Comments and observations on social and political trends and events.

Thursday, March 27, 2008

Some Suggestions

We’re confronted daily with competing demands and claims of people from opposite points of view. Conservatives rail against liberals and vice versa. Creationists fight Darwinists. Pro-life wrestle with pro-choice advocates. How do we decide? There isn’t a foolproof method that ensures everyone will come to the same conclusion. A lot of factors affect our ability to be objective. Since the theme of this blog is about thinking objectively I thought I’d share some ideas on how I try to practice what I preach. In essence I recommend taking the effort to check both sides. (In some cases there are more than two prominent positions.)

  • How do they argue? Do they confront the opposition’s positions head on or do they skirt the issues?
  • Do they fairly represent the arguments of the other side or do they “refute” these arguments by setting up easily-refuted straw men?
  • Do they try to build a cogent argument based on empirical data or do they simply state their final conclusions?

For example, if you’re considering whether global warming is caused by humans or by other causes (assuming there is warming), you could go to a site such as which provides links to global warming advocates and skeptics.

Let’s say you want sort out the creationism-evolution debate. This web page at Cal State Fullerton - - provides links to various sites on both sides of the issue.

On general political issues, check publications such as National Review for conservative viewpoints, The New Republic for the left and maybe Reason magazine for the libertarian perspective. For detailed analysis of policy issues you can go to The Cato Institute (libertarian), The Brookings Institution (liberal), the American Enterprise Institute (conservative), or The Atlas Society (Objectivist).

Another good source of information is The main articles usually refer to other sources on both sides of an issue and provide links to articles in the media and links to related web sites. Be sure to click on the “discussion” tab to see the dialog among the various contributors to the wiki entry.

As I said at the beginning, checking these sources won’t automatically provide you with answers. Nor will it make everyone agree with each other. What I have found, however, is that people who honestly and fairly look at more than one viewpoint before settling on their own tend to be more reasonable than those who only look at sources with which they already agree. If we are confident in our ability to think critically and objectively we won’t be threatened by exposing ourselves to opinions that might differ from ours. At the very least going through this exercise will better prepare you for counter-arguments to yours.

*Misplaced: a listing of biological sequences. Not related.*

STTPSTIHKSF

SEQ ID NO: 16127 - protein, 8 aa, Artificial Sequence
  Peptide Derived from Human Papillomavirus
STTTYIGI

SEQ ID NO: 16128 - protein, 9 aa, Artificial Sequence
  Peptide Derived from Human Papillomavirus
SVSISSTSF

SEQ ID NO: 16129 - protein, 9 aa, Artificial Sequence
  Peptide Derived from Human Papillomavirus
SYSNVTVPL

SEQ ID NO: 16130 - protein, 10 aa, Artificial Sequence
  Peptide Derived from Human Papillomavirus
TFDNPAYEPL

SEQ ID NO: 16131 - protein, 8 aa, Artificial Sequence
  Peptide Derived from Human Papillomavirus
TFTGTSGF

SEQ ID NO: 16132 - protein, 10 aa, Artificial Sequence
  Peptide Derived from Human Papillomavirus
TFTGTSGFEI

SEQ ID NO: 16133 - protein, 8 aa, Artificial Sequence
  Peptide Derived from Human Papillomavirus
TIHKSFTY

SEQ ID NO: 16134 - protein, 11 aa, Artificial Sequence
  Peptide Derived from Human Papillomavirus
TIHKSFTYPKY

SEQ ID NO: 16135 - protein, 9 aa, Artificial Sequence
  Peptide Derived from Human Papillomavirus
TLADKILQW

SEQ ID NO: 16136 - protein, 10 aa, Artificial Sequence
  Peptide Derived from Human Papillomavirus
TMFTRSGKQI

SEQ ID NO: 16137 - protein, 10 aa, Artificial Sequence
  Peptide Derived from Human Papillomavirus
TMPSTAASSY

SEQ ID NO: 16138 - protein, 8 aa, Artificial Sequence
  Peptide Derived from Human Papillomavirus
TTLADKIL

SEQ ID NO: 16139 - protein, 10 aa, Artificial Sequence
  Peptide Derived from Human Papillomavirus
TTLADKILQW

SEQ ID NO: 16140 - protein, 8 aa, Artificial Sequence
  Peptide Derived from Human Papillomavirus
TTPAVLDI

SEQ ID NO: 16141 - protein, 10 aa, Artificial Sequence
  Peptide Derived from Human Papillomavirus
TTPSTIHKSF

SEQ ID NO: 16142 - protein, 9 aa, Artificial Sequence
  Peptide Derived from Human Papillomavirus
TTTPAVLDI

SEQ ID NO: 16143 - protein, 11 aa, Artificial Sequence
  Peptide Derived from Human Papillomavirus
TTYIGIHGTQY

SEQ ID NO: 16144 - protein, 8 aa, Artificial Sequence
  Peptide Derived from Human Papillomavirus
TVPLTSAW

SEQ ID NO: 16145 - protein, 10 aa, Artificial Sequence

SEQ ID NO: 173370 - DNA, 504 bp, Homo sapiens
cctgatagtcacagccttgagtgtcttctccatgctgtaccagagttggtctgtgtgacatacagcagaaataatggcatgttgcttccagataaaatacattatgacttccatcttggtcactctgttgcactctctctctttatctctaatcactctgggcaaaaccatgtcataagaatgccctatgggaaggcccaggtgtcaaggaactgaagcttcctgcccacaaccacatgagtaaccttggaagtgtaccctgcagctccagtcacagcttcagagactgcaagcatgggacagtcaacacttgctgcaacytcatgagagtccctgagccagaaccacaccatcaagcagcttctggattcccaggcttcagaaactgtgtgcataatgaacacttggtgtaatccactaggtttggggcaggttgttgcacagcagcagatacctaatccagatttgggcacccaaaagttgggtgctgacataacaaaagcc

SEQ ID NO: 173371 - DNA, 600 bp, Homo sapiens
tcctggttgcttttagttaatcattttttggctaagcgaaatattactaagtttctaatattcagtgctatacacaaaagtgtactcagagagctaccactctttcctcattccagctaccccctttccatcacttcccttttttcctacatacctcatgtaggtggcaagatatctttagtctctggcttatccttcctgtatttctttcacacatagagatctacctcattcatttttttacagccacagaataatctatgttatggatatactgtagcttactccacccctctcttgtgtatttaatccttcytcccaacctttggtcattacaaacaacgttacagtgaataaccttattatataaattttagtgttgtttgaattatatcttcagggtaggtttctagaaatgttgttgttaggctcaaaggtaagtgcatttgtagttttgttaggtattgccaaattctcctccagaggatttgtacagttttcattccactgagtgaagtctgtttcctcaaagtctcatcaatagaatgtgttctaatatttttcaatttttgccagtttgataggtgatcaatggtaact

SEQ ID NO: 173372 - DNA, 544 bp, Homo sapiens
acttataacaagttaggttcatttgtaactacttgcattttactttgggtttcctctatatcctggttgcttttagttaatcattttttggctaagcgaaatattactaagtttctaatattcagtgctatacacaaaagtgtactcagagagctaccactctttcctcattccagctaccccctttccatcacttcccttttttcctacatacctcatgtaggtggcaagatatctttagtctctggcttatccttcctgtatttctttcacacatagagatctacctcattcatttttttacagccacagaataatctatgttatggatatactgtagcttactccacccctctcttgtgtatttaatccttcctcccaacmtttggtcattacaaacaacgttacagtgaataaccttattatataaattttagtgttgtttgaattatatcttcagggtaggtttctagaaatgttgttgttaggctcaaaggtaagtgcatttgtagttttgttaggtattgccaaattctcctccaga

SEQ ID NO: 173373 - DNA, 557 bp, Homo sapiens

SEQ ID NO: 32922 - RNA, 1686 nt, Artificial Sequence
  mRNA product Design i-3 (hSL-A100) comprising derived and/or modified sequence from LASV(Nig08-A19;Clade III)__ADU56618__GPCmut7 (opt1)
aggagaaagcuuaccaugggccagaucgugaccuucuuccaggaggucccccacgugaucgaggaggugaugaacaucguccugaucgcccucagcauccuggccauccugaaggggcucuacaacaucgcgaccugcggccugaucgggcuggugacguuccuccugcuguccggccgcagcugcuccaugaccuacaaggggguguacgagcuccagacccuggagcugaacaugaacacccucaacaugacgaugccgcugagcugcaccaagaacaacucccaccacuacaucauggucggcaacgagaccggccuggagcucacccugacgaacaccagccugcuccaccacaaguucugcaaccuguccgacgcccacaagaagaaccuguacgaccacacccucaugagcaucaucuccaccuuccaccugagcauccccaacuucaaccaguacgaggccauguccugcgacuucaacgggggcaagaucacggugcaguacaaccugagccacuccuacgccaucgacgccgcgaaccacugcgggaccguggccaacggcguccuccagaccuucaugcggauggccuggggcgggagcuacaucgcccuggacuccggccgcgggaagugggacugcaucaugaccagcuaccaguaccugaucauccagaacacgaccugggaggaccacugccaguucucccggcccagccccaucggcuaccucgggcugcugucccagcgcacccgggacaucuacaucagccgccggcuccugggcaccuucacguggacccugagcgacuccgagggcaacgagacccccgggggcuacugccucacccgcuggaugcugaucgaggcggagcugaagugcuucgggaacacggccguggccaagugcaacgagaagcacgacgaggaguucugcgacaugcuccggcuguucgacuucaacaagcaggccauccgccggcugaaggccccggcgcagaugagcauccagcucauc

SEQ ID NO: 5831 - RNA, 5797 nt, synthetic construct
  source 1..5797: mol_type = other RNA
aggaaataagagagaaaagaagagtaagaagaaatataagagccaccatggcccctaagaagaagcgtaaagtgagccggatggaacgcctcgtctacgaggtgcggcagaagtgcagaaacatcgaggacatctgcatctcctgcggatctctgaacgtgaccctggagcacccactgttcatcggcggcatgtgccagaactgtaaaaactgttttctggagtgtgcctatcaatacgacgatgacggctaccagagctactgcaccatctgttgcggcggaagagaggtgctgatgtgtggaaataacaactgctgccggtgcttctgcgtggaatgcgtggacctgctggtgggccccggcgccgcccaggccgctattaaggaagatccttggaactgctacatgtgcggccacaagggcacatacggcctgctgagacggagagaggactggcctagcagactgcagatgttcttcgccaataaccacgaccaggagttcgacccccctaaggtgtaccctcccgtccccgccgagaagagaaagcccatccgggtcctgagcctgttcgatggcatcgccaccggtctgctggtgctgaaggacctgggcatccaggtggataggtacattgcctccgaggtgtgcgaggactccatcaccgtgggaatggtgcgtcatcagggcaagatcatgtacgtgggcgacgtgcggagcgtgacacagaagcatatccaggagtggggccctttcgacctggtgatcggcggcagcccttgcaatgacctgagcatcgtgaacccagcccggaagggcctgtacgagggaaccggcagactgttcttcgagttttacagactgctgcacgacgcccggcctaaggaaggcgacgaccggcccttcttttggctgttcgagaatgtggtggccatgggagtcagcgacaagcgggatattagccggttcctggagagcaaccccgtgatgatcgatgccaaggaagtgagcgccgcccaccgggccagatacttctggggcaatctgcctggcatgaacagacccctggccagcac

My main point, which is a theme running through this blog, is that maintaining objectivity isn’t easy! It involves hard work and resisting jumping to conclusions. If you come to conclusions about issues like health care, global warming, abortion, and intelligent design by carefully listening to and evaluating the different viewpoints out there, you should be able to defend yourself more effectively. Who knows? You might end up changing your mind? THAT, I believe, is the threat of checking your premises: the possibility of abandoning a position and even disagreeing with friends who share your overall beliefs. Objectivity doesn’t have the sexy appeal as being an ardent advocate of [insert the label of your favorite “ism” here]. To me that’s the exciting part of trying to be objective!


Anonymous said...

I would suggest that if you want to see the libertarian point of view, that you avoid Cato and Reason magazine and instead turn to and, and especially their hero, Murray Rothbard.

The word "liberty" led to "liberal". It became a popular word, so anti-liberty creeps began calling themselves "liberals". So the liberty-lovers invented the word "libertarian". It became popular so the anti-liberty, pseudo-intellectual, authoritarian creeps at Cato and Reason and elsewhere began calling themselves "libertarians".

As Lenin wrote: "First, confuse the vocabulary."

True liberty means that creeps with guns do not tax and rule you. If the creeps with guns are taxing and ruling you and some moron tells you that you are free, the moron is a liar. If the moron tells you that liberty requires "sacrifice", the moron is a liar.

Truth is that simple. Evil requires word games.

Henry Scuoteguazza said...

Anonymous, good suggestions. I was not aware of the Rockwell blog but am aware of the web site, which I check regularly. They probably are more to the right than Reason or Cato. I was trying to select one representative example from right and left of center.